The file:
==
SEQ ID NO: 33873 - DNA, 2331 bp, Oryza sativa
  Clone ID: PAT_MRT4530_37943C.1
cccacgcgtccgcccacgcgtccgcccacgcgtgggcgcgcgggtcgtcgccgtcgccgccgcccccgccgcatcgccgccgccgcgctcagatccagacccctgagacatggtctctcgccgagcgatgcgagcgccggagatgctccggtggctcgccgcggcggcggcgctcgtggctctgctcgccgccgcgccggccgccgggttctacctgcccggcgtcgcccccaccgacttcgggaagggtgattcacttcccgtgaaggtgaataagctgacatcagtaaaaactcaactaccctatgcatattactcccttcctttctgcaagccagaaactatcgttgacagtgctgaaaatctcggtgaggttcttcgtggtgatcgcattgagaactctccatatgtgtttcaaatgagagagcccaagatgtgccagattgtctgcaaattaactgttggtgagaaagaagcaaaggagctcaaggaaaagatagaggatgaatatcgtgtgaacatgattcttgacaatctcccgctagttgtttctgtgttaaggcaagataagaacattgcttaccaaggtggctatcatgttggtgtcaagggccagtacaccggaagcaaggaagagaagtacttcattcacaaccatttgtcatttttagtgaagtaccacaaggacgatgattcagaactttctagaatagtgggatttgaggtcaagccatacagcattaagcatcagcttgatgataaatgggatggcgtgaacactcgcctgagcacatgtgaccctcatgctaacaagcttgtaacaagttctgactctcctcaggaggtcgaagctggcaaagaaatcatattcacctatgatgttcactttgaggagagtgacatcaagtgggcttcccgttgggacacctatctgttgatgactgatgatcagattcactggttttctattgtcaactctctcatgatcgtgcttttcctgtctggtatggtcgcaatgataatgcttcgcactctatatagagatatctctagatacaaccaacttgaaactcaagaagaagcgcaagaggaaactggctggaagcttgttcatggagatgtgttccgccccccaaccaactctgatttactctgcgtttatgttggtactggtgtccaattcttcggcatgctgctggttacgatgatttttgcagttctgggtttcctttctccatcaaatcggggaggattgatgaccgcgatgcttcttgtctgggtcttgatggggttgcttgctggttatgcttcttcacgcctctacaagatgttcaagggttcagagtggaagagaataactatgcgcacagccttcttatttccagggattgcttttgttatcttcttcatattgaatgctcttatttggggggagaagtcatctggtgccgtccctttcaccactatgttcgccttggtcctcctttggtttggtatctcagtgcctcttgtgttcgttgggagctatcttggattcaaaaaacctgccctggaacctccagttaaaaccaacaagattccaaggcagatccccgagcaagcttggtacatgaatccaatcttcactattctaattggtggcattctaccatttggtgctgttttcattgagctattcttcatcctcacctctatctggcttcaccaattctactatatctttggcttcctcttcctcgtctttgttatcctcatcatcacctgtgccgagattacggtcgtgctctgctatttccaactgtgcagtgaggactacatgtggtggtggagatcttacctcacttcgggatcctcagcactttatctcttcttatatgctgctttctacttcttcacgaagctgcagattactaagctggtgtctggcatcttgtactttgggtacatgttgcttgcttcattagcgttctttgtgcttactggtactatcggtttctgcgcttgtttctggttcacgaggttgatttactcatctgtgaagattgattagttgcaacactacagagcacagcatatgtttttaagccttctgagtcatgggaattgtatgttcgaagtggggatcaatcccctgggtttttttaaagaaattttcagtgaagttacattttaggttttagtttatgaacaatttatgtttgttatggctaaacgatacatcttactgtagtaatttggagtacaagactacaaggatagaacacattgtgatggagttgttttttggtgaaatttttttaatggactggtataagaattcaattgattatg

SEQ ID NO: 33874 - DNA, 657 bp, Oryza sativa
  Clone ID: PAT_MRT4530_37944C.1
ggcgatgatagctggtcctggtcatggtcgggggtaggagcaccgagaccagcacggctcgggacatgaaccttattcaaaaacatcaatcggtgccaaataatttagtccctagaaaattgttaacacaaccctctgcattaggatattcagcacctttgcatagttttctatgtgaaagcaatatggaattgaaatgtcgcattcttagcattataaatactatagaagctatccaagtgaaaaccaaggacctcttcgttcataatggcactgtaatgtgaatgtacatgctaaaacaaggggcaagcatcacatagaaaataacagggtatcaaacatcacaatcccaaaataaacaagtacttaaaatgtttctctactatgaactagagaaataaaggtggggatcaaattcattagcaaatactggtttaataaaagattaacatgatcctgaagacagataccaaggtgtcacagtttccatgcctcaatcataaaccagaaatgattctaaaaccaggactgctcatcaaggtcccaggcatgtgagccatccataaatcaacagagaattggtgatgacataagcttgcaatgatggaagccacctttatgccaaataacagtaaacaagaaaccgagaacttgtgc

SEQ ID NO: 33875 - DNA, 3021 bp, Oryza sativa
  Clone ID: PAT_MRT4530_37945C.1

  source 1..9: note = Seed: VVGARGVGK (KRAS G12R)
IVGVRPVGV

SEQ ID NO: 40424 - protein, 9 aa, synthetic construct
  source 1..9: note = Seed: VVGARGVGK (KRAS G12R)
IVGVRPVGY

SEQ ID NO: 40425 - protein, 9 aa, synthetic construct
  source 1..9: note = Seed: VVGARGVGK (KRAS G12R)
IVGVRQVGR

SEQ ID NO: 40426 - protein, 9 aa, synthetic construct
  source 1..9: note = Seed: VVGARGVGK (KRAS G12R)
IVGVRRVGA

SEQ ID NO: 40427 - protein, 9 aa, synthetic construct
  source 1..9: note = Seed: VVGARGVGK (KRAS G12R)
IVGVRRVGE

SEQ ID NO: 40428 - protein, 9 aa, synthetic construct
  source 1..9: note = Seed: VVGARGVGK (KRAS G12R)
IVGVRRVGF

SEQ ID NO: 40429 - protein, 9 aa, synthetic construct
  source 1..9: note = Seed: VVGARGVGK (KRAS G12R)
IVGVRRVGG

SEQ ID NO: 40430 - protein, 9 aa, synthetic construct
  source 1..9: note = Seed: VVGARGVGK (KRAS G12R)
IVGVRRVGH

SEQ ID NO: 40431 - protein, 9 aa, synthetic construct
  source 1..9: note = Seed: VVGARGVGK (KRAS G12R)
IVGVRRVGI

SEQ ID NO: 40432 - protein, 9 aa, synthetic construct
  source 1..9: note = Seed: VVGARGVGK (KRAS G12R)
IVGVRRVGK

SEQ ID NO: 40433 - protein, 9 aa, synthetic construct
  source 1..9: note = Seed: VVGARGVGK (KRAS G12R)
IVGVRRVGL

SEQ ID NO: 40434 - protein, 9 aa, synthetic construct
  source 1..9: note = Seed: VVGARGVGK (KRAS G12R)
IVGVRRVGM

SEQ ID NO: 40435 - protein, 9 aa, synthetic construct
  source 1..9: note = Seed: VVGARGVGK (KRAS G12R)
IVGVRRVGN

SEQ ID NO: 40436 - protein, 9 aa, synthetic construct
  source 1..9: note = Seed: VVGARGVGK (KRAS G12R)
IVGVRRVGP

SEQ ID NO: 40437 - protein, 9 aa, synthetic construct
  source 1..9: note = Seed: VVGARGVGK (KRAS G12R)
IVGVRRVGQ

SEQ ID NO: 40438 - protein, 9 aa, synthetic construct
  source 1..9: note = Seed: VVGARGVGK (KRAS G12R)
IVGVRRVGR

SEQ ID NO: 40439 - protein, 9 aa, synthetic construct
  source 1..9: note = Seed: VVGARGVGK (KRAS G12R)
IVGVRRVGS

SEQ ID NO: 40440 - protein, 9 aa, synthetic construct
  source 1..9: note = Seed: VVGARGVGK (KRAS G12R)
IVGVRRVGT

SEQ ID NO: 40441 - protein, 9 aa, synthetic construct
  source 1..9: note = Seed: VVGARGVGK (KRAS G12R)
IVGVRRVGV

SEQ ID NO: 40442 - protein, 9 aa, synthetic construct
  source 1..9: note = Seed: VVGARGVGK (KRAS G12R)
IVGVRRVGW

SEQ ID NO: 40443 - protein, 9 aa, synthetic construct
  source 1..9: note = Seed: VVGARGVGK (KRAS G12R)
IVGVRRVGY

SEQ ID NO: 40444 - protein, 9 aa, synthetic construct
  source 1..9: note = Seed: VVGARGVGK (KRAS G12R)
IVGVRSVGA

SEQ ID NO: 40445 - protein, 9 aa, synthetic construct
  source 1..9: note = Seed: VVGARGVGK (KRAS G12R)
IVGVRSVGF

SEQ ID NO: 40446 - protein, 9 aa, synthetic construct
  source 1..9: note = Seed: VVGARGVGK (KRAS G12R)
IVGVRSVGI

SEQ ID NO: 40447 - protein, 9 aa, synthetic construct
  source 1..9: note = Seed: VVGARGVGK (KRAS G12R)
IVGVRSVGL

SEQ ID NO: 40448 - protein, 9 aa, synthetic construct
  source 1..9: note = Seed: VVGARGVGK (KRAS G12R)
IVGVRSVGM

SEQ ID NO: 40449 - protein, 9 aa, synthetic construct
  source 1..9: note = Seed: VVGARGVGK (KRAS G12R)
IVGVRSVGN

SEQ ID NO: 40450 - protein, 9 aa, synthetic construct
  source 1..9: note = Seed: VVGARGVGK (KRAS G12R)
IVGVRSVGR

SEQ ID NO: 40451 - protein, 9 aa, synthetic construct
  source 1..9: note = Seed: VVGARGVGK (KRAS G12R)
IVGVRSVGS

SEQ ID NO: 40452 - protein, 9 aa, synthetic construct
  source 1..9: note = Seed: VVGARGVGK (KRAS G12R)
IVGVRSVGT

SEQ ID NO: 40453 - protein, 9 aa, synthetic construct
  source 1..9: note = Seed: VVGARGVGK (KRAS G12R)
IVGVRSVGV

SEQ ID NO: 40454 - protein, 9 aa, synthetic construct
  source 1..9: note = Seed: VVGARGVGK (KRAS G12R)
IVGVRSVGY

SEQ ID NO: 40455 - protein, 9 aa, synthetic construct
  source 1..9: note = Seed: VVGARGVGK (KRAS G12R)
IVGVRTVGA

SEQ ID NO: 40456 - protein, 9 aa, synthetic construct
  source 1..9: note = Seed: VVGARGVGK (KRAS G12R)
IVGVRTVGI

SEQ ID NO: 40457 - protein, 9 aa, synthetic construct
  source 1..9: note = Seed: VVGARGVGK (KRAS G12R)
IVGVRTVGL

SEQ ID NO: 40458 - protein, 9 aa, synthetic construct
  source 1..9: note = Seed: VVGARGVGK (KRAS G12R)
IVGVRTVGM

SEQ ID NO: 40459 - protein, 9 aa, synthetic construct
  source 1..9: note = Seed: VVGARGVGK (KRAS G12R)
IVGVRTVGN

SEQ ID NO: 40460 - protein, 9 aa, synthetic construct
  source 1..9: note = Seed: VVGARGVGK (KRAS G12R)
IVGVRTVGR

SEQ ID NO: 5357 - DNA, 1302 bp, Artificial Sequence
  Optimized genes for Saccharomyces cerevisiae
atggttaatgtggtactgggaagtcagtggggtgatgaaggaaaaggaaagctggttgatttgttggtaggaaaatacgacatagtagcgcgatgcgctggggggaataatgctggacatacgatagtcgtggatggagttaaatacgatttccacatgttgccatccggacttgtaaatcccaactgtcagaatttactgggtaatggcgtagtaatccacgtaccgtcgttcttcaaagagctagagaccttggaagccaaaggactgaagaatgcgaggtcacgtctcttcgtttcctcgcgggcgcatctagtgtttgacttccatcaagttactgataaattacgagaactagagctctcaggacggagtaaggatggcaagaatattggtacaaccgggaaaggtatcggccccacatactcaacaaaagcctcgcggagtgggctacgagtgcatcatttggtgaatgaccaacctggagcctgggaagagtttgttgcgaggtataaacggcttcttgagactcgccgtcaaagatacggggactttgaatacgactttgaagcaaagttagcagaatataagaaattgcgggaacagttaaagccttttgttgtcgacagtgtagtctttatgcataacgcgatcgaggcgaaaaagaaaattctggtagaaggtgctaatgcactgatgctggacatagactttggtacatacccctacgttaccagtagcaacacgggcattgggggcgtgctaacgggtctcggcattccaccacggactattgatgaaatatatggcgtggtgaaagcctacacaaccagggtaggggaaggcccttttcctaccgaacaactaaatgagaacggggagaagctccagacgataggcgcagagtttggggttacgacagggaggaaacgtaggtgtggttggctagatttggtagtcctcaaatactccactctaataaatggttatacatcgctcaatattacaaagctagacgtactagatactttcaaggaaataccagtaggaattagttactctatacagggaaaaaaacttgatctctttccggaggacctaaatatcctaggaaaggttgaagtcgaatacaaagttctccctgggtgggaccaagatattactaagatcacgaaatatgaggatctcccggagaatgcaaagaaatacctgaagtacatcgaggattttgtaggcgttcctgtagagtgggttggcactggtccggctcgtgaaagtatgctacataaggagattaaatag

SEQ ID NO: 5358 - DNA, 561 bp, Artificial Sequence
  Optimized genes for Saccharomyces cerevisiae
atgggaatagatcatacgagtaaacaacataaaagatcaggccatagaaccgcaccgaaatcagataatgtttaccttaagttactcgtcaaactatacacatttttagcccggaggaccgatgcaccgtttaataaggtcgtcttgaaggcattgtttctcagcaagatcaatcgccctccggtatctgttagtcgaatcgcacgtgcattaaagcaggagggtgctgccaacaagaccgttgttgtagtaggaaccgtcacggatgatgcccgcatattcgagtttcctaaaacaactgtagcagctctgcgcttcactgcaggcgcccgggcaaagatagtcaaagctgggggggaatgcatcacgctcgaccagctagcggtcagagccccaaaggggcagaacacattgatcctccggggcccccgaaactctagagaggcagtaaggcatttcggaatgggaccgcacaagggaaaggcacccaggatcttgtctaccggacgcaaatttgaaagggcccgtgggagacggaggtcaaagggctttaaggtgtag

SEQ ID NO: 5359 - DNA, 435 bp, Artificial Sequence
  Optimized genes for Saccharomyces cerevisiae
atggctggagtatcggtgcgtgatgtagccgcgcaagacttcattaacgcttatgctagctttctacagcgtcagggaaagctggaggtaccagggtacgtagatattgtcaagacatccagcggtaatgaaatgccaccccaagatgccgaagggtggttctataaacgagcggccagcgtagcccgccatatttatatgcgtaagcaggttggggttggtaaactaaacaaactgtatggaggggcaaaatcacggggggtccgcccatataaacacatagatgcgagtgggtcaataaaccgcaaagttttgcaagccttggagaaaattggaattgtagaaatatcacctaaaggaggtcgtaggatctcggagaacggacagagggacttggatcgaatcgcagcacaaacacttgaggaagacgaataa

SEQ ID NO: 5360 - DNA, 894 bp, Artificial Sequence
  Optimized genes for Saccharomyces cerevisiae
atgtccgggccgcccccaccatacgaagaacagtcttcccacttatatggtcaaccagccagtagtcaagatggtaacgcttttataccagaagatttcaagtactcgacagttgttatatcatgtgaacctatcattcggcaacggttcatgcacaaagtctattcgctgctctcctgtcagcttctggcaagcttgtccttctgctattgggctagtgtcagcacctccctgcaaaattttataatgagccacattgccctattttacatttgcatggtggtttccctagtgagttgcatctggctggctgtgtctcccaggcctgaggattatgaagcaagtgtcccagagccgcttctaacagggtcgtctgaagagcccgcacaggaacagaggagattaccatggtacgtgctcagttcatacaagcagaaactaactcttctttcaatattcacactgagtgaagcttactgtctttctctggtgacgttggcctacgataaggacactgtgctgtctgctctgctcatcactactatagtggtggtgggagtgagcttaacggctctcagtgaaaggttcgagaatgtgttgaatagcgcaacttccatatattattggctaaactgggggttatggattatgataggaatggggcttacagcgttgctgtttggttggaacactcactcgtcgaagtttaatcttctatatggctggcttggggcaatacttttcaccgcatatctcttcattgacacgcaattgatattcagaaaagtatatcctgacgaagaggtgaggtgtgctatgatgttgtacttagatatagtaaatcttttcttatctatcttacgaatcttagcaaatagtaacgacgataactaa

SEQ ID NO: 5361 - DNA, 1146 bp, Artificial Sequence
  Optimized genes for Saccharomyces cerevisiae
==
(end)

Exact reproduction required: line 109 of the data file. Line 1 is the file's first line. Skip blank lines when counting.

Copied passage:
IVGVRTVGI